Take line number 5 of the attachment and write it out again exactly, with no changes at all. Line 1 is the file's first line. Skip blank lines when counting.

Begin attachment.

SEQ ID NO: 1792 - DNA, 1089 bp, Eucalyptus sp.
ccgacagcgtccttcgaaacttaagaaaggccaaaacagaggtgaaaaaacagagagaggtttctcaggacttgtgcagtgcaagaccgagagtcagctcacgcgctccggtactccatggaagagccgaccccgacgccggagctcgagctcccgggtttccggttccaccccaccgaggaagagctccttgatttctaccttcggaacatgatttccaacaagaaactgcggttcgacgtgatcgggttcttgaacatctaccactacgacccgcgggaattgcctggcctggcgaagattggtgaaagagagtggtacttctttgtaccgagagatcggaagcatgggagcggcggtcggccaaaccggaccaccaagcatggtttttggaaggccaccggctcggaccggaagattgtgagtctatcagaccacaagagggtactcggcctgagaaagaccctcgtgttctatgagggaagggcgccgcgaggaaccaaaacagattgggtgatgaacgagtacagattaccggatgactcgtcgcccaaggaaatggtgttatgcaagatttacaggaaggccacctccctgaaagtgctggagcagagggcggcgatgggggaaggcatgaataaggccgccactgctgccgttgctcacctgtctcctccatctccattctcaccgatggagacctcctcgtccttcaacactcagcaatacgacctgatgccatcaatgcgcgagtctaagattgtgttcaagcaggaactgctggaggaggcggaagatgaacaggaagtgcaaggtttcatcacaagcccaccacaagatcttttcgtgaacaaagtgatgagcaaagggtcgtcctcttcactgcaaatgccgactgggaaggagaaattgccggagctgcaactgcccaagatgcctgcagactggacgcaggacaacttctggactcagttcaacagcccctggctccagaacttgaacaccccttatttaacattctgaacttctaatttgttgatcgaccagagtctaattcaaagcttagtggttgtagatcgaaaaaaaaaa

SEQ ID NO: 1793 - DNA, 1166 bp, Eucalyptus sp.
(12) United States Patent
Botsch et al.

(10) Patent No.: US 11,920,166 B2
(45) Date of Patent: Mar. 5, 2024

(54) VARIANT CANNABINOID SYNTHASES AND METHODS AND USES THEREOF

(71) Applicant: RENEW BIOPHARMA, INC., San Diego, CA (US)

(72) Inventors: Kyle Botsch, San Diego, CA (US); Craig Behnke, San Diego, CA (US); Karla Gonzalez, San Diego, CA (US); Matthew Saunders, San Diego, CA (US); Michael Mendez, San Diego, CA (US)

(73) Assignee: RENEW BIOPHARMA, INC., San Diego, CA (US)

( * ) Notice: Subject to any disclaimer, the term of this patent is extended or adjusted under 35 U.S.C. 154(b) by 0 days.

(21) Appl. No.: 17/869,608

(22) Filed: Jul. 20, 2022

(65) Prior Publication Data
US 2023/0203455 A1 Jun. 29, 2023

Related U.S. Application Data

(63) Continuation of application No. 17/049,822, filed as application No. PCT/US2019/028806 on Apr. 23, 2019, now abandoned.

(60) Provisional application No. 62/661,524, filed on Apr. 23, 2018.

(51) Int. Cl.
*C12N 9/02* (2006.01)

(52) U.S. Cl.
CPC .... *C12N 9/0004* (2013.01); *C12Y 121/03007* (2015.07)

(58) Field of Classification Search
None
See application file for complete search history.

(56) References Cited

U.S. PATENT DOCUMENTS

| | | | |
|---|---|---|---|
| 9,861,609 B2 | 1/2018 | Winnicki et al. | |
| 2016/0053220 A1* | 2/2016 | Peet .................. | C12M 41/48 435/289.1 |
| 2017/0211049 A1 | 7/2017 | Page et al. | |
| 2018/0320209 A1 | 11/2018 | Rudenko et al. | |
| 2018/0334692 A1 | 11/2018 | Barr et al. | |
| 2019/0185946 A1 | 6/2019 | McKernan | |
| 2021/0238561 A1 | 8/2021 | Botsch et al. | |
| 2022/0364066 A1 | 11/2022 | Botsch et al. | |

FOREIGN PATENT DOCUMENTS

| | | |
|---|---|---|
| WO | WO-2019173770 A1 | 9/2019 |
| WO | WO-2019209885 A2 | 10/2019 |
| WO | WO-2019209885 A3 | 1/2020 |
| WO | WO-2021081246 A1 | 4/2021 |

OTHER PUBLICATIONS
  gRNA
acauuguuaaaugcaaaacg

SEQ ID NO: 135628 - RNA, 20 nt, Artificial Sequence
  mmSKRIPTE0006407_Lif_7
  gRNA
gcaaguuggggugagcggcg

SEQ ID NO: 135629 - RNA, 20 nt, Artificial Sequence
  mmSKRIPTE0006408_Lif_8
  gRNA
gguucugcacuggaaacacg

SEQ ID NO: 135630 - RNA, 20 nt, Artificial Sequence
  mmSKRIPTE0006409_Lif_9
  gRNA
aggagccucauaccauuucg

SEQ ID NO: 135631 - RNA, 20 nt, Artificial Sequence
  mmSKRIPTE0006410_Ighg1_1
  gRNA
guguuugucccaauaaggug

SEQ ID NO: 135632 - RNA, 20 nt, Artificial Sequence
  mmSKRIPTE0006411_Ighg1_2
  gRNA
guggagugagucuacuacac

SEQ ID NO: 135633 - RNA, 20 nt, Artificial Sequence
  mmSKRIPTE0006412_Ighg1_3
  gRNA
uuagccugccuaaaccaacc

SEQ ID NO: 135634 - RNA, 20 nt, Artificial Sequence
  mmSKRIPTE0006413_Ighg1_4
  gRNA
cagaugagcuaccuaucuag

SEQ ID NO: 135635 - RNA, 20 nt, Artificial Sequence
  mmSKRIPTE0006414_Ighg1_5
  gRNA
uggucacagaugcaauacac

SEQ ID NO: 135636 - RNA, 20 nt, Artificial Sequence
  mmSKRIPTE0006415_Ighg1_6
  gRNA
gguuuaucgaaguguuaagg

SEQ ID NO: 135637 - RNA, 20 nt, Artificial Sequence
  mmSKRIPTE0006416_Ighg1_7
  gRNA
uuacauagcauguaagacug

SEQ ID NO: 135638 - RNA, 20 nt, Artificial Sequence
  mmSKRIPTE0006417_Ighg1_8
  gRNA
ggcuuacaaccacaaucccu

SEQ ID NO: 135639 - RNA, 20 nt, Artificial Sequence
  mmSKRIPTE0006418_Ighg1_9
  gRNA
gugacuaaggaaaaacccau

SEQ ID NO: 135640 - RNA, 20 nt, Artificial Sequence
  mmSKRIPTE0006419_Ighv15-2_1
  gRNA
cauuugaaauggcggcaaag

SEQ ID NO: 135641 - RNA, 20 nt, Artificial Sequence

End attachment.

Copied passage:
Botsch et al.